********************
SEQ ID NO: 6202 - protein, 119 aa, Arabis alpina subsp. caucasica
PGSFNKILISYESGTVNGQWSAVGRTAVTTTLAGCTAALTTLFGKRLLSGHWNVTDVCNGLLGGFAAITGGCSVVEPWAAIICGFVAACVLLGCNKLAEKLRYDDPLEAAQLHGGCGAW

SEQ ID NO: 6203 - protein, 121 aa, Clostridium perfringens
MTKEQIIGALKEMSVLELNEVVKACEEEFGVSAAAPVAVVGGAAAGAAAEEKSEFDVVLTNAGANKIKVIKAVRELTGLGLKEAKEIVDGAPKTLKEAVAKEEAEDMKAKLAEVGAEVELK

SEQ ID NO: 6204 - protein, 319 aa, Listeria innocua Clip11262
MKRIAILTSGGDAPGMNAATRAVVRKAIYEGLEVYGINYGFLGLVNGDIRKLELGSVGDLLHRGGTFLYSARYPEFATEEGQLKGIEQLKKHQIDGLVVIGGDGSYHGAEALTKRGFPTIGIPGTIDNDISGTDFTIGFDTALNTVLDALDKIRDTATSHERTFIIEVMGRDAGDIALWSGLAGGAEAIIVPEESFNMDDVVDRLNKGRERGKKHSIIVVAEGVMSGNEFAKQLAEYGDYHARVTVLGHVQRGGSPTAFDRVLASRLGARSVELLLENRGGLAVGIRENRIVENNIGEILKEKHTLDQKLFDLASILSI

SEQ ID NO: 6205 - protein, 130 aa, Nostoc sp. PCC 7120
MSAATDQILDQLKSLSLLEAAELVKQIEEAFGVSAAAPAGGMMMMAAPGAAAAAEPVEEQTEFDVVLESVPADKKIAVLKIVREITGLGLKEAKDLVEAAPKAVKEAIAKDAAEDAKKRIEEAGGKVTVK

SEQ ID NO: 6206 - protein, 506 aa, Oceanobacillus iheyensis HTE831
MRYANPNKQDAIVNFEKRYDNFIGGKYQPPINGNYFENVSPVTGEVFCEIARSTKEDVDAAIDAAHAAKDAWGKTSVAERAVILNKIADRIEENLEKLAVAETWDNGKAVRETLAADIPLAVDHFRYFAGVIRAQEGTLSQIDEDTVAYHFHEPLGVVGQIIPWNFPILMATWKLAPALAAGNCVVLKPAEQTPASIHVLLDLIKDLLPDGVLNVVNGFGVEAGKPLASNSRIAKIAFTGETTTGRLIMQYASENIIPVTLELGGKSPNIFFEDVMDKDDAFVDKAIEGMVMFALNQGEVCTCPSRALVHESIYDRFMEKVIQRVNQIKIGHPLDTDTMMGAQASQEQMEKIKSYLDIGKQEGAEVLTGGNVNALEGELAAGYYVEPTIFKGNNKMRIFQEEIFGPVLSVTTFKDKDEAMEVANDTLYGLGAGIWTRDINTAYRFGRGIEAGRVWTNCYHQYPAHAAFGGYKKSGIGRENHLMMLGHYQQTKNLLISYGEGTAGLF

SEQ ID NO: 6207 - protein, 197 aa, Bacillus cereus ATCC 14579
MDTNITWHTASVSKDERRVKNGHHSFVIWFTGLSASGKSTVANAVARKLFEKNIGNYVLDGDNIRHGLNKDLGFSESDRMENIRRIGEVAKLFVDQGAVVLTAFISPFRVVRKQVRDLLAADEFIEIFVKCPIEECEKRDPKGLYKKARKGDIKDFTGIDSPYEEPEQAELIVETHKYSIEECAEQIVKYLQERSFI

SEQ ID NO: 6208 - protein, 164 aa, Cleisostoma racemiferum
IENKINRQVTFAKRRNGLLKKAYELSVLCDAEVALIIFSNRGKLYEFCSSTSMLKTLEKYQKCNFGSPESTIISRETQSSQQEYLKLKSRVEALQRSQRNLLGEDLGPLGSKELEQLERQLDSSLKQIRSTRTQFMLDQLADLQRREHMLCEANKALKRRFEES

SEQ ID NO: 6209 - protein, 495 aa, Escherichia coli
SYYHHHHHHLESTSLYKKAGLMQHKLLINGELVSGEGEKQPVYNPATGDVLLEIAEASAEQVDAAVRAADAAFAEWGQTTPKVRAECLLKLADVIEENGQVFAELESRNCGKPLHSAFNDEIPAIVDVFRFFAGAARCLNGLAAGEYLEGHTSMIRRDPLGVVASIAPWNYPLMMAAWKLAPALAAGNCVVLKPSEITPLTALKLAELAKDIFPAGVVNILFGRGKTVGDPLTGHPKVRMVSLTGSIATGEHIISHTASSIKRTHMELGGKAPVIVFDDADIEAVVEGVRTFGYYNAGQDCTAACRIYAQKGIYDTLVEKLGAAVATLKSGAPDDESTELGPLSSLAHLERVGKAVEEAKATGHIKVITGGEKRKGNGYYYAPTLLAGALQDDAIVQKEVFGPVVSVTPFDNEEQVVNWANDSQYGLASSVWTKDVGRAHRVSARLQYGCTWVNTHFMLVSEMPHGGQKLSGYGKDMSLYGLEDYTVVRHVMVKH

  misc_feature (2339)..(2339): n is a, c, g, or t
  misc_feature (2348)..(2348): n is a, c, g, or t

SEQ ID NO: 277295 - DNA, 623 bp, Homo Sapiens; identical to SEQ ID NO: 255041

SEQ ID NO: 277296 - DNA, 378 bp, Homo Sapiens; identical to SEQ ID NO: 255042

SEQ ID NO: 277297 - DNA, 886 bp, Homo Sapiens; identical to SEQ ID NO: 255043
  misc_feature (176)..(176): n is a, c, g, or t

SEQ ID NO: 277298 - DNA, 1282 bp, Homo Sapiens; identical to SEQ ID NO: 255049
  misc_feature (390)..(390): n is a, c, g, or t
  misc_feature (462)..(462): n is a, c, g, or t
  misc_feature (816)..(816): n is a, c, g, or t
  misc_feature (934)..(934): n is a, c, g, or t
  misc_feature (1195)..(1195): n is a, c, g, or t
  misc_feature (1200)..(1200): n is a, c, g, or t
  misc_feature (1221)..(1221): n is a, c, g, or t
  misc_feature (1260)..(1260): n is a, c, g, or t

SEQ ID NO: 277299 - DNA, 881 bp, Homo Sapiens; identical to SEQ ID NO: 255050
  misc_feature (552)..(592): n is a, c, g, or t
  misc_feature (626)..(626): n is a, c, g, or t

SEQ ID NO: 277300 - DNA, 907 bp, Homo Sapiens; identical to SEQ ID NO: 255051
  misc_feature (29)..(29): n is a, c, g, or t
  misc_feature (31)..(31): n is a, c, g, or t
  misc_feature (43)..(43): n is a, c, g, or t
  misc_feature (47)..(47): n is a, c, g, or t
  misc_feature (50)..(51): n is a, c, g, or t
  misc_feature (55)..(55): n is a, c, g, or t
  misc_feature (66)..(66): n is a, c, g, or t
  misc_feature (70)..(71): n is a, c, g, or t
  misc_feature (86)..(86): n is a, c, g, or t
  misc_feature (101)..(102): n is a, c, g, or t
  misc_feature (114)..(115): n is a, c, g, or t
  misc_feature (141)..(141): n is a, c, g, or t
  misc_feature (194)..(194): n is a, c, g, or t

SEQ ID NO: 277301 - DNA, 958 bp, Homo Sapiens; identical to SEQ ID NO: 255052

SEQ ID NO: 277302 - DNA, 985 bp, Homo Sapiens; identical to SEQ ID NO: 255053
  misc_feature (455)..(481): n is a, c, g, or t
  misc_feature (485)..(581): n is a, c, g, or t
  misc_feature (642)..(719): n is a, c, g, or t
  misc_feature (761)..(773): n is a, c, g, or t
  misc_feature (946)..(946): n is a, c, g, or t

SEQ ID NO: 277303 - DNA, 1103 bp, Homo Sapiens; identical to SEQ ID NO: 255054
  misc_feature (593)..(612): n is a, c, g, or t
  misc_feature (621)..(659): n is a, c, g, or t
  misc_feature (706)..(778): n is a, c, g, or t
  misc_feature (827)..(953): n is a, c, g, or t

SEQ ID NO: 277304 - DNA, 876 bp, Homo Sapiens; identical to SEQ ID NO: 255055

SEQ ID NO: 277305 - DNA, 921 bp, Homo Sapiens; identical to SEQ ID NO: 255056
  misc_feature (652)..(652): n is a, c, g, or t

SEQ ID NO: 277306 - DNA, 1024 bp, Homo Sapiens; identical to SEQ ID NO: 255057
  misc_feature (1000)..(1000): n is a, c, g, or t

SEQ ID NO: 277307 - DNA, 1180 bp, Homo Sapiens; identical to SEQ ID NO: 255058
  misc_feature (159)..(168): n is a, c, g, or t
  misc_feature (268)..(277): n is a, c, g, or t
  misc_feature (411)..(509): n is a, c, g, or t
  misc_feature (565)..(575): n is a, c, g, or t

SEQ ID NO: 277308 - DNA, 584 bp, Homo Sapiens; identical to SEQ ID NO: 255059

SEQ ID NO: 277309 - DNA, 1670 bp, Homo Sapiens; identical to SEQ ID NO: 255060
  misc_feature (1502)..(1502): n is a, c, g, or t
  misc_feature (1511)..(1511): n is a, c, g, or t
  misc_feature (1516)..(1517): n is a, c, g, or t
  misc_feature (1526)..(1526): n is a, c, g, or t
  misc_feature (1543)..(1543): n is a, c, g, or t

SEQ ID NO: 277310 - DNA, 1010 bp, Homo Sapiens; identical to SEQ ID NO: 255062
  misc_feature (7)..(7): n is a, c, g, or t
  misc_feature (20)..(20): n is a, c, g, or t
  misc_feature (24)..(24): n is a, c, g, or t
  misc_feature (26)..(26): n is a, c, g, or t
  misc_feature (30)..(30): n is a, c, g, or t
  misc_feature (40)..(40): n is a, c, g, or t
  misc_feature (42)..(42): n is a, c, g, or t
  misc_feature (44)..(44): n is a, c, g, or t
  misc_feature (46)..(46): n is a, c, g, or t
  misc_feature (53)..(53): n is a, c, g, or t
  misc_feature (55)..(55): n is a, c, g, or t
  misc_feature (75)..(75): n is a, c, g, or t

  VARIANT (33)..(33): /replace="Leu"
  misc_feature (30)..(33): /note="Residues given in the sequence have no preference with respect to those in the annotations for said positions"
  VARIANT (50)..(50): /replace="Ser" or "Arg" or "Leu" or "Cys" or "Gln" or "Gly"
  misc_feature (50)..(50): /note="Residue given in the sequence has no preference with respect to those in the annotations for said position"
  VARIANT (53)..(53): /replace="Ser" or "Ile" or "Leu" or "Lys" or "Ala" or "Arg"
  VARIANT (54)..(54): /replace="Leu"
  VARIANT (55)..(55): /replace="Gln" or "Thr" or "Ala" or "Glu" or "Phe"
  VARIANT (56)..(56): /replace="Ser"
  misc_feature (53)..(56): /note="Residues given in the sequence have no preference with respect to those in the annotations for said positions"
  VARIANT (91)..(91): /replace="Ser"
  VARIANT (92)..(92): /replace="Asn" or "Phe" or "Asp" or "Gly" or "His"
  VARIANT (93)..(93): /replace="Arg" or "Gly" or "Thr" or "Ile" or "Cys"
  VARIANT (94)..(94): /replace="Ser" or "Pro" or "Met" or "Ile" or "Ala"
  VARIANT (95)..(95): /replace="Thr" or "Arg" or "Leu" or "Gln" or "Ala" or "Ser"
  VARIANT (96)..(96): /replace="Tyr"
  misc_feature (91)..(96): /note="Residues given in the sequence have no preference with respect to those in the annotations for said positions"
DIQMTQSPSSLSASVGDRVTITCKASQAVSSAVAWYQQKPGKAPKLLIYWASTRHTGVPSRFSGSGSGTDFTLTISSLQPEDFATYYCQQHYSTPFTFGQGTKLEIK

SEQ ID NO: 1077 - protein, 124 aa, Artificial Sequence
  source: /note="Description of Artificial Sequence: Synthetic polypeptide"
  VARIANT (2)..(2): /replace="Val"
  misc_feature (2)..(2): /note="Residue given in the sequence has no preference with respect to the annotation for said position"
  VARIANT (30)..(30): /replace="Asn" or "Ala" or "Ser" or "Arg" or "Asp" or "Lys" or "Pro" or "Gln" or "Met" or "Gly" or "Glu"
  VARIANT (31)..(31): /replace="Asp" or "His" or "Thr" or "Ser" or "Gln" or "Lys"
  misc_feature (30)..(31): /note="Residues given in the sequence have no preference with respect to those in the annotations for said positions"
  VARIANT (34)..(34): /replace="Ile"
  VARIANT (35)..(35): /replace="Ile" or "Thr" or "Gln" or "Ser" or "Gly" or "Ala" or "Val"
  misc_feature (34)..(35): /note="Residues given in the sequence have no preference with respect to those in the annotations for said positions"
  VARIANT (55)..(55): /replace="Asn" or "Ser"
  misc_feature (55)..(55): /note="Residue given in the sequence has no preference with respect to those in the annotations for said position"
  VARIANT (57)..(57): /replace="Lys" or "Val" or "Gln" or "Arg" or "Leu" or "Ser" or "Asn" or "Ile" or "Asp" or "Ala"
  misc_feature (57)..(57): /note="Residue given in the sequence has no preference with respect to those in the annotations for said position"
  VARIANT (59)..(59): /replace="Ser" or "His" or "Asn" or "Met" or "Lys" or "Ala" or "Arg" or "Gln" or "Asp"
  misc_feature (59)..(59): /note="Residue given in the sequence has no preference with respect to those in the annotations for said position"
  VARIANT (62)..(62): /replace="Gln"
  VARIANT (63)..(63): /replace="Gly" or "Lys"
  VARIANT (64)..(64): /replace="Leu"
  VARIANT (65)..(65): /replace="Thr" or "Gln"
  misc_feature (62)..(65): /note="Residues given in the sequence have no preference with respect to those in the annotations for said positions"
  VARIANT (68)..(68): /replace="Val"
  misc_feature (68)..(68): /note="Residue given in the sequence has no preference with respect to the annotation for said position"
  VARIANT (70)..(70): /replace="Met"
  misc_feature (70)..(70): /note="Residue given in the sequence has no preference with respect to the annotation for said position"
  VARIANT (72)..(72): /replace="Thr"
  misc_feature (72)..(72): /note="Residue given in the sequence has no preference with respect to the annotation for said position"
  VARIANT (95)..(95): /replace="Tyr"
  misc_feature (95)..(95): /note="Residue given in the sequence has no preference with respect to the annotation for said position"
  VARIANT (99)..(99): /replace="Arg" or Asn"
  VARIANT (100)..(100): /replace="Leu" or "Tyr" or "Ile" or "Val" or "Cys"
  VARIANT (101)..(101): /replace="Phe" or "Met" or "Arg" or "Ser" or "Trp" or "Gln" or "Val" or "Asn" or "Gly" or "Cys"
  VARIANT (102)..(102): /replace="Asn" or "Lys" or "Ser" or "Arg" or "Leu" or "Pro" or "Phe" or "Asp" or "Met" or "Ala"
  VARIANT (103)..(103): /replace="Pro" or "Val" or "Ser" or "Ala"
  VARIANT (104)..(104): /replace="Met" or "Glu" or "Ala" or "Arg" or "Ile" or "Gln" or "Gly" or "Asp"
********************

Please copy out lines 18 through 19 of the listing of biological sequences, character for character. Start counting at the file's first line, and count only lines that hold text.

  misc_feature (2348)..(2348): n is a, c, g, or t

SEQ ID NO: 277295 - DNA, 623 bp, Homo Sapiens; identical to SEQ ID NO: 255041